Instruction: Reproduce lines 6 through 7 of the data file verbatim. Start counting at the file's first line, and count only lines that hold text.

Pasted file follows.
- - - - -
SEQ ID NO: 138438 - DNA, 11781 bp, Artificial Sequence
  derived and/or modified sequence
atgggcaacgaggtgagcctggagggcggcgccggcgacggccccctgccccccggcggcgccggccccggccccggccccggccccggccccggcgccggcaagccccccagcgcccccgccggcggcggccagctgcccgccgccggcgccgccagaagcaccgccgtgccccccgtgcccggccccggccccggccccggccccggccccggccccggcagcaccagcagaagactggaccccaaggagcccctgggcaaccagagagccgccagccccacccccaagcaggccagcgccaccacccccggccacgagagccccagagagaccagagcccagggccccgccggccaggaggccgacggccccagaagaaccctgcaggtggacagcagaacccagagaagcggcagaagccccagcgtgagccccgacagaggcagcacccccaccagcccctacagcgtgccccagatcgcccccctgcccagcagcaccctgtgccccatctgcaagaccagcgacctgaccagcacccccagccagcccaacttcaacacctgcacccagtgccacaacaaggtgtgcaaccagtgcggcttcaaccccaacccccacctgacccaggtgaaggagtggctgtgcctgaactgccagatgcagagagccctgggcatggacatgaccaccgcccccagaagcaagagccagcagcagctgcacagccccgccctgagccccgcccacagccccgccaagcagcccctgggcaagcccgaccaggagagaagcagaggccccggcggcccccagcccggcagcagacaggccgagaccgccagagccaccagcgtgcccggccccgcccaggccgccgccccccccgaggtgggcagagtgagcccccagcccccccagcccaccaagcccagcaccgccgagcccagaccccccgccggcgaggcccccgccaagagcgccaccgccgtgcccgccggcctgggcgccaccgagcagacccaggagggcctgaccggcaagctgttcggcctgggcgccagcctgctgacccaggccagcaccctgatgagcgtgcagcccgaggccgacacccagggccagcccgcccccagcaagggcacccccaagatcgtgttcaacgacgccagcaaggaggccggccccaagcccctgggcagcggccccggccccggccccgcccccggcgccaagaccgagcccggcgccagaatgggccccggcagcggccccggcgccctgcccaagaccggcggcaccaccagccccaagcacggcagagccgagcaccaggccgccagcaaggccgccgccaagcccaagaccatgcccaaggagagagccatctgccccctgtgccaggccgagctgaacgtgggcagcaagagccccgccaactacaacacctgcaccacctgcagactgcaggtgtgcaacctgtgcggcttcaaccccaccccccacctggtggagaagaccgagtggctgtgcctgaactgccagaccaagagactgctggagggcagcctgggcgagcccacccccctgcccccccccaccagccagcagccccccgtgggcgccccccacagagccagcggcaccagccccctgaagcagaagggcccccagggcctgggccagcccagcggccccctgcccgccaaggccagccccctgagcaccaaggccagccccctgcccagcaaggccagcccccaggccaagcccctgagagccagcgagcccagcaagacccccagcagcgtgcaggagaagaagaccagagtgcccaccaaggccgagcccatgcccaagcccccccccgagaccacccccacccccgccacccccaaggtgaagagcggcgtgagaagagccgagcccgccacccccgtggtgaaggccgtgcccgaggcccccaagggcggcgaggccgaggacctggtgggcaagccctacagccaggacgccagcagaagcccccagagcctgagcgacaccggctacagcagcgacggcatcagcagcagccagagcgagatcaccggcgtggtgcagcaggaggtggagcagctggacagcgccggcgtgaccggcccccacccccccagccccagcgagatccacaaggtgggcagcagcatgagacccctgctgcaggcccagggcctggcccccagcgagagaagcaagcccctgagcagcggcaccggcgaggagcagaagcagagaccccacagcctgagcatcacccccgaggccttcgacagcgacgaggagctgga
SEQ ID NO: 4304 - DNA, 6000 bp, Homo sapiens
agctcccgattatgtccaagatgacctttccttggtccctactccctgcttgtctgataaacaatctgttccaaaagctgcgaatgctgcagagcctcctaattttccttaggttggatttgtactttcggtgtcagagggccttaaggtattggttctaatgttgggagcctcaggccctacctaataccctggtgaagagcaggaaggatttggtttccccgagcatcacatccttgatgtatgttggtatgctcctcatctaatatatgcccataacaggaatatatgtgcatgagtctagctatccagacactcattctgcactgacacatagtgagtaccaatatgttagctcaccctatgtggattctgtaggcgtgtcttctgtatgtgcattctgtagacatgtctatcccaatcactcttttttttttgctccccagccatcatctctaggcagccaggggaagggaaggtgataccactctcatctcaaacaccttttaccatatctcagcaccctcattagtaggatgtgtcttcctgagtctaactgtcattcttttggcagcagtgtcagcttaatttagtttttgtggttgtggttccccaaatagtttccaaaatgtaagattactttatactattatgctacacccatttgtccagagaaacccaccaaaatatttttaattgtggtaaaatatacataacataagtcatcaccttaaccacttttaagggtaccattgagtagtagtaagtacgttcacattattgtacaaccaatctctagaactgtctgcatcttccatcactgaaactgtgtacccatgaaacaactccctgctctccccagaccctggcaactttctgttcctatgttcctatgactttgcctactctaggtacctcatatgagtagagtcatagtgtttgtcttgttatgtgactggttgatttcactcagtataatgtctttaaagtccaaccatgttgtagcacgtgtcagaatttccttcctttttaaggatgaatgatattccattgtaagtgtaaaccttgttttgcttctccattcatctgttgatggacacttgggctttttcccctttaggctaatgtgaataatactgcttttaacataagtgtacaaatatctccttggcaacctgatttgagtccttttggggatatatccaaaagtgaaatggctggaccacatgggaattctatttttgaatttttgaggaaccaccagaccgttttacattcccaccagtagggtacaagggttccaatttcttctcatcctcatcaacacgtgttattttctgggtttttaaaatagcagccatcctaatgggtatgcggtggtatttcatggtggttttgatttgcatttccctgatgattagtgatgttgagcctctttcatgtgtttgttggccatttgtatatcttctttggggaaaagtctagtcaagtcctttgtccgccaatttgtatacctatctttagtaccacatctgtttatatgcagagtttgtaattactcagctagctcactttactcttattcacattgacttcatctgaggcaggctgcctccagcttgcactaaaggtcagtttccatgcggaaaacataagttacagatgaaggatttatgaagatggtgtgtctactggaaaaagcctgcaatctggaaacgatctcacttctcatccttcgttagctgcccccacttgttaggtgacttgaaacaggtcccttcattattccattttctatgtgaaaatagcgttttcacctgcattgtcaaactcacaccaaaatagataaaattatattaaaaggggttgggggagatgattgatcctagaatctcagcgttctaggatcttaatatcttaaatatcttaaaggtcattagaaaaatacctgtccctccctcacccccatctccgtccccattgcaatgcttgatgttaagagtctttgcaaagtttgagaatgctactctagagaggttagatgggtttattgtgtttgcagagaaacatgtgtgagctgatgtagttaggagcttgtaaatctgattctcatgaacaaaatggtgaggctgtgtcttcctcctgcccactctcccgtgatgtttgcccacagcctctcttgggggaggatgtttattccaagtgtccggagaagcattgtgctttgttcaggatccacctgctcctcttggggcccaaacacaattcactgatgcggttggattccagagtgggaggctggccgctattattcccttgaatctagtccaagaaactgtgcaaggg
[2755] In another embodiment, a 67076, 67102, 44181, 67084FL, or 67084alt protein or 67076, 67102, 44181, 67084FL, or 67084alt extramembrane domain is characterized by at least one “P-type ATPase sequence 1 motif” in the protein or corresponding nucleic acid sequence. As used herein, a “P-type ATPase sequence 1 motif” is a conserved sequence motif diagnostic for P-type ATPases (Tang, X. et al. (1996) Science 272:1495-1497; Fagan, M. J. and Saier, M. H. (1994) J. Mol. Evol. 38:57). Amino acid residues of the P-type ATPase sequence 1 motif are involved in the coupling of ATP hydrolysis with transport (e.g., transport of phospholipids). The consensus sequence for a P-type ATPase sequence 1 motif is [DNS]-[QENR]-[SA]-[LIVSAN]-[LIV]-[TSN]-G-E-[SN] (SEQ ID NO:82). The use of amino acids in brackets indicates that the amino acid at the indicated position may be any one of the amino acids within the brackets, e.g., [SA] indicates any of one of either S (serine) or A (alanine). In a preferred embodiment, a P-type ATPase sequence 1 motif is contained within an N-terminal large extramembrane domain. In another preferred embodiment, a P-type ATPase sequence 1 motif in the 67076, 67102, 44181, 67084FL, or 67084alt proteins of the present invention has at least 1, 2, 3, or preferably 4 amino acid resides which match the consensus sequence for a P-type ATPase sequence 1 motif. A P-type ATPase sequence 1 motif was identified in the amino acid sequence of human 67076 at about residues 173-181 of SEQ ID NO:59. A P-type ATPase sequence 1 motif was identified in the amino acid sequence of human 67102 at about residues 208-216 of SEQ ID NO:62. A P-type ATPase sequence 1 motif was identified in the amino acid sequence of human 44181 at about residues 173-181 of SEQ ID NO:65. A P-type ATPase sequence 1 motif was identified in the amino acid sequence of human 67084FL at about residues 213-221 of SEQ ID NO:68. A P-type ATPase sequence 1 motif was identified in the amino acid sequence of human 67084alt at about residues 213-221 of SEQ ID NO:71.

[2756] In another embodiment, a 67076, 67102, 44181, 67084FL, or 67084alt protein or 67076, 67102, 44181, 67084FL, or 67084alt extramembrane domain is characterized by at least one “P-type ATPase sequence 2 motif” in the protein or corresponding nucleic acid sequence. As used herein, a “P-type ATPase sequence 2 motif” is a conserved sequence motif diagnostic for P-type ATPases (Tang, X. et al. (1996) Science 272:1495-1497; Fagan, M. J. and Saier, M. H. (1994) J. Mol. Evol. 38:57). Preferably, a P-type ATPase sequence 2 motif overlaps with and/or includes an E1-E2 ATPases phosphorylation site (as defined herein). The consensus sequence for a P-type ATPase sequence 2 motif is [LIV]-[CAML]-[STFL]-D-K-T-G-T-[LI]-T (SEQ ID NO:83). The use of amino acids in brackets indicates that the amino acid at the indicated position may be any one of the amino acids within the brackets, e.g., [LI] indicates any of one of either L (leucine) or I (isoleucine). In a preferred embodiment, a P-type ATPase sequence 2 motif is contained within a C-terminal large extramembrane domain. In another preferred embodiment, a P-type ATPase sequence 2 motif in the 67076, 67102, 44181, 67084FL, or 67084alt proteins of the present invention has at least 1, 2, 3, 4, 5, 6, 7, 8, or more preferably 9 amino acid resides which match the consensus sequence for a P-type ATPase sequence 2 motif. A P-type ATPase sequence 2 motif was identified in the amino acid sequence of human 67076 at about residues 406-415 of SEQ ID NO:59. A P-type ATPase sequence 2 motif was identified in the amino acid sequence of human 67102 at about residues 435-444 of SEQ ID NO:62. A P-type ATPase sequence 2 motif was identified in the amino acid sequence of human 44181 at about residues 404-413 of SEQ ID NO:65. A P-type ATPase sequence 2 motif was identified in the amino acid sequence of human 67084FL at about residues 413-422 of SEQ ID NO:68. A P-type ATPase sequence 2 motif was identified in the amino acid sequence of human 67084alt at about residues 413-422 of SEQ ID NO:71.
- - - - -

[2755] In another embodiment, a 67076, 67102, 44181, 67084FL, or 67084alt protein or 67076, 67102, 44181, 67084FL, or 67084alt extramembrane domain is characterized by at least one “P-type ATPase sequence 1 motif” in the protein or corresponding nucleic acid sequence. As used herein, a “P-type ATPase sequence 1 motif” is a conserved sequence motif diagnostic for P-type ATPases (Tang, X. et al. (1996) Science 272:1495-1497; Fagan, M. J. and Saier, M. H. (1994) J. Mol. Evol. 38:57). Amino acid residues of the P-type ATPase sequence 1 motif are involved in the coupling of ATP hydrolysis with transport (e.g., transport of phospholipids). The consensus sequence for a P-type ATPase sequence 1 motif is [DNS]-[QENR]-[SA]-[LIVSAN]-[LIV]-[TSN]-G-E-[SN] (SEQ ID NO:82). The use of amino acids in brackets indicates that the amino acid at the indicated position may be any one of the amino acids within the brackets, e.g., [SA] indicates any of one of either S (serine) or A (alanine). In a preferred embodiment, a P-type ATPase sequence 1 motif is contained within an N-terminal large extramembrane domain. In another preferred embodiment, a P-type ATPase sequence 1 motif in the 67076, 67102, 44181, 67084FL, or 67084alt proteins of the present invention has at least 1, 2, 3, or preferably 4 amino acid resides which match the consensus sequence for a P-type ATPase sequence 1 motif. A P-type ATPase sequence 1 motif was identified in the amino acid sequence of human 67076 at about residues 173-181 of SEQ ID NO:59. A P-type ATPase sequence 1 motif was identified in the amino acid sequence of human 67102 at about residues 208-216 of SEQ ID NO:62. A P-type ATPase sequence 1 motif was identified in the amino acid sequence of human 44181 at about residues 173-181 of SEQ ID NO:65. A P-type ATPase sequence 1 motif was identified in the amino acid sequence of human 67084FL at about residues 213-221 of SEQ ID NO:68. A P-type ATPase sequence 1 motif was identified in the amino acid sequence of human 67084alt at about residues 213-221 of SEQ ID NO:71.

[2756] In another embodiment, a 67076, 67102, 44181, 67084FL, or 67084alt protein or 67076, 67102, 44181, 67084FL, or 67084alt extramembrane domain is characterized by at least one “P-type ATPase sequence 2 motif” in the protein or corresponding nucleic acid sequence. As used herein, a “P-type ATPase sequence 2 motif” is a conserved sequence motif diagnostic for P-type ATPases (Tang, X. et al. (1996) Science 272:1495-1497; Fagan, M. J. and Saier, M. H. (1994) J. Mol. Evol. 38:57). Preferably, a P-type ATPase sequence 2 motif overlaps with and/or includes an E1-E2 ATPases phosphorylation site (as defined herein). The consensus sequence for a P-type ATPase sequence 2 motif is [LIV]-[CAML]-[STFL]-D-K-T-G-T-[LI]-T (SEQ ID NO:83). The use of amino acids in brackets indicates that the amino acid at the indicated position may be any one of the amino acids within the brackets, e.g., [LI] indicates any of one of either L (leucine) or I (isoleucine). In a preferred embodiment, a P-type ATPase sequence 2 motif is contained within a C-terminal large extramembrane domain. In another preferred embodiment, a P-type ATPase sequence 2 motif in the 67076, 67102, 44181, 67084FL, or 67084alt proteins of the present invention has at least 1, 2, 3, 4, 5, 6, 7, 8, or more preferably 9 amino acid resides which match the consensus sequence for a P-type ATPase sequence 2 motif. A P-type ATPase sequence 2 motif was identified in the amino acid sequence of human 67076 at about residues 406-415 of SEQ ID NO:59. A P-type ATPase sequence 2 motif was identified in the amino acid sequence of human 67102 at about residues 435-444 of SEQ ID NO:62. A P-type ATPase sequence 2 motif was identified in the amino acid sequence of human 44181 at about residues 404-413 of SEQ ID NO:65. A P-type ATPase sequence 2 motif was identified in the amino acid sequence of human 67084FL at about residues 413-422 of SEQ ID NO:68. A P-type ATPase sequence 2 motif was identified in the amino acid sequence of human 67084alt at about residues 413-422 of SEQ ID NO:71.